From our analyses, there appears to be no gender predilection for most of the tumors except for calcifying epithelial odontogenic tumor (CEOT; also known as Pindborg tumor), ameloblastic carcinoma, primary intraosseous carcinoma, odontogenic carcinoma, odonto-amelobastoma, and cemento-ossifying fibroma. However, previous studies did not report any sex difference in CEOT, and for ameloblastic carcinoma. It is possible that the sex differences in our population are either due to sampling bias or increased genetics risk in the African population driving the male predilection. We observed that more males had primary intraosseous Odontogenic carcinoma than females, and this is consistent with what has been previously reported., There is also a male predilection for odonto-amelobastoma, which is also consistent with what others have reported. More women were observed to have Cemento-ossifying Fibroma in line with the literature.,, There is a sixfold increase in the number of tumors in the mandible compared to the maxilla and 80 times more than in soft tissues. Our observation is consistent with what has been previously reported for craniofacial tumors., We also showed consistent results with previously reported ages for AOT.
Centers such as Ibadan and Lagos (South-west Nigeria) and Zaria (North central) recorded the highest numbers of cases of odontogenic tumors in this study compared to locations like Calabar in (South – South Nigeria) that recorded the least number of cases. This is because centers like Ibadan and Lagos are more established with a good number of trained specialist personnel. The presence of oral and maxillofacial pathologist to facilitate diagnosis and the extent of reporting of cases contribute to the number of cases seen in the different centers. The mean ages from the different geographic locations show variation from the lowest 28.95 ± 13.63 years in Sokoto to the highest 38.03 ± 11.20 years observed in Calabar. This variation may be due to the clinico-demographic pattern. The level of awareness of patients in the different regions can affect the time of presentation. Therefore, it is probable that the level of awareness of availability of care may be lower in locations with a higher mean age. In our environment, patients present late with resultant higher mean age. Most centers in the Southern regions except Calabar reported the third decade of life as the most frequent which is like previous reports, while the centers in the Northern region reported mostly the second and fourth decades of life. In most locations, male preponderance was observed consistent with previous reports, except Lagos and Port-Harcourt that show some female preponderance.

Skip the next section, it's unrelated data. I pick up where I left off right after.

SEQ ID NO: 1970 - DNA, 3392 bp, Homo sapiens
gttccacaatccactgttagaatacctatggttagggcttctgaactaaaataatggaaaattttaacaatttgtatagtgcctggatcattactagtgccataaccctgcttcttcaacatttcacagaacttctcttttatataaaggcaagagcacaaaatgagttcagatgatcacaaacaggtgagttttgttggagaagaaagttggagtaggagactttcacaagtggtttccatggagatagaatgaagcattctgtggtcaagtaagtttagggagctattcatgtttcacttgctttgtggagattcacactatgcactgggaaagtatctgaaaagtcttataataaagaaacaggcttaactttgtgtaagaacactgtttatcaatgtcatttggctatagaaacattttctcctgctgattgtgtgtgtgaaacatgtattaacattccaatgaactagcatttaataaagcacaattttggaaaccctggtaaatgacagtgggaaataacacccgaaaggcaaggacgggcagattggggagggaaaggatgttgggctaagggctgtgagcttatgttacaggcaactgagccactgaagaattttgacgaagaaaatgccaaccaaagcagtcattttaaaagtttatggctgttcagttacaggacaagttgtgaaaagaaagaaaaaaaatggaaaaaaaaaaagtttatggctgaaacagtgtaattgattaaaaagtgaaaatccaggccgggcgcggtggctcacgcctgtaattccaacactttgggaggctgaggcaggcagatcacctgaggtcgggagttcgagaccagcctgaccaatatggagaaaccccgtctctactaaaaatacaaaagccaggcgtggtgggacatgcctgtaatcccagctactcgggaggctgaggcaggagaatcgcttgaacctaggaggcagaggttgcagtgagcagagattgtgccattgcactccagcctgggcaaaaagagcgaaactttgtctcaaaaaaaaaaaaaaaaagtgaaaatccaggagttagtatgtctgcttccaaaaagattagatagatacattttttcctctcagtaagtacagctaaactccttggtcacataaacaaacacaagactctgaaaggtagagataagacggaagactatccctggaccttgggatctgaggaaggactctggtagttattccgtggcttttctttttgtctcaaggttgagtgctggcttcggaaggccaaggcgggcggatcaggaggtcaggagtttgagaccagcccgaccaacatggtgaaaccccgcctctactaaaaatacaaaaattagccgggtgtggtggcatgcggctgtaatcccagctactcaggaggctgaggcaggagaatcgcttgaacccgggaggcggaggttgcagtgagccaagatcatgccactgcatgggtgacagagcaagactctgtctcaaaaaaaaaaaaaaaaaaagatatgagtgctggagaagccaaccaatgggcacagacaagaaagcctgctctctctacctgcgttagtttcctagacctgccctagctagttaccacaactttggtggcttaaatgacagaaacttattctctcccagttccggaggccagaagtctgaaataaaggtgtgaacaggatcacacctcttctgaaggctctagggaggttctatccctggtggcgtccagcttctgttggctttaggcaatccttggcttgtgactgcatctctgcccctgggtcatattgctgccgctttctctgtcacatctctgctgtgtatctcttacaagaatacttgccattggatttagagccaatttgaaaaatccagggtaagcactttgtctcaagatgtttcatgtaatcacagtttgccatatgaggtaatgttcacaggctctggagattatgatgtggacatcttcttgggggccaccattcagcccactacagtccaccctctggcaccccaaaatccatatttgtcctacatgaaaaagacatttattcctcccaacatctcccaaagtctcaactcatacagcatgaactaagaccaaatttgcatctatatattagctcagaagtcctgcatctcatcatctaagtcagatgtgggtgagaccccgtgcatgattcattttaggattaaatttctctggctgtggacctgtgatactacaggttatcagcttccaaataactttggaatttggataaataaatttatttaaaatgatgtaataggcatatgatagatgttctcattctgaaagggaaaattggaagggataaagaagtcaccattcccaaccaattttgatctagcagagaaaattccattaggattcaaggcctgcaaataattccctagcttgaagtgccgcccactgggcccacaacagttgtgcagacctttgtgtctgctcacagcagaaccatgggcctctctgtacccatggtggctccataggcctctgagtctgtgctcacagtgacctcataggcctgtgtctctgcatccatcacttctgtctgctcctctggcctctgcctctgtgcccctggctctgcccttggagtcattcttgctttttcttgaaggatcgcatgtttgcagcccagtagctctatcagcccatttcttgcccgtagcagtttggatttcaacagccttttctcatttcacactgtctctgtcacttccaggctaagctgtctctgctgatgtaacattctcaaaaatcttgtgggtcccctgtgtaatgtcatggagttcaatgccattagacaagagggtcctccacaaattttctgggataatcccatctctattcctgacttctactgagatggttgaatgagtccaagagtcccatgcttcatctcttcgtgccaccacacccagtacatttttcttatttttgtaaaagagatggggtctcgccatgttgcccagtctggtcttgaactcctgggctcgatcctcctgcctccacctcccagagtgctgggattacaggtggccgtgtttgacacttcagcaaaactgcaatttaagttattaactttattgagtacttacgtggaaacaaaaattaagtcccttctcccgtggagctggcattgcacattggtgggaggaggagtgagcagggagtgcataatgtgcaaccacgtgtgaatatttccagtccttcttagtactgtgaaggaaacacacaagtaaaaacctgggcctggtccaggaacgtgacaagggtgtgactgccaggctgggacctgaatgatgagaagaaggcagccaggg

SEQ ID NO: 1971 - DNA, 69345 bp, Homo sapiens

The mandible was the most common site and ameloblastoma was the most common tumor in all the different geographic locations. These findings are similar to earlier reports., Furthermore, most centers in the South reported fibromyxoma as the second most common tumor. However, of the three centers in the Northern region, two centers observed cemento-ossifying fibroma as the second most common tumor seen. Aregbesola et al. (2018), in their 12-year review from four centers reported AOT as the second most common tumor in their series. There would be need for more studies to understand the variation that exist between the North and the South vis-à-vis second most common odontogenic tumor after ameloblastoma, in these regions.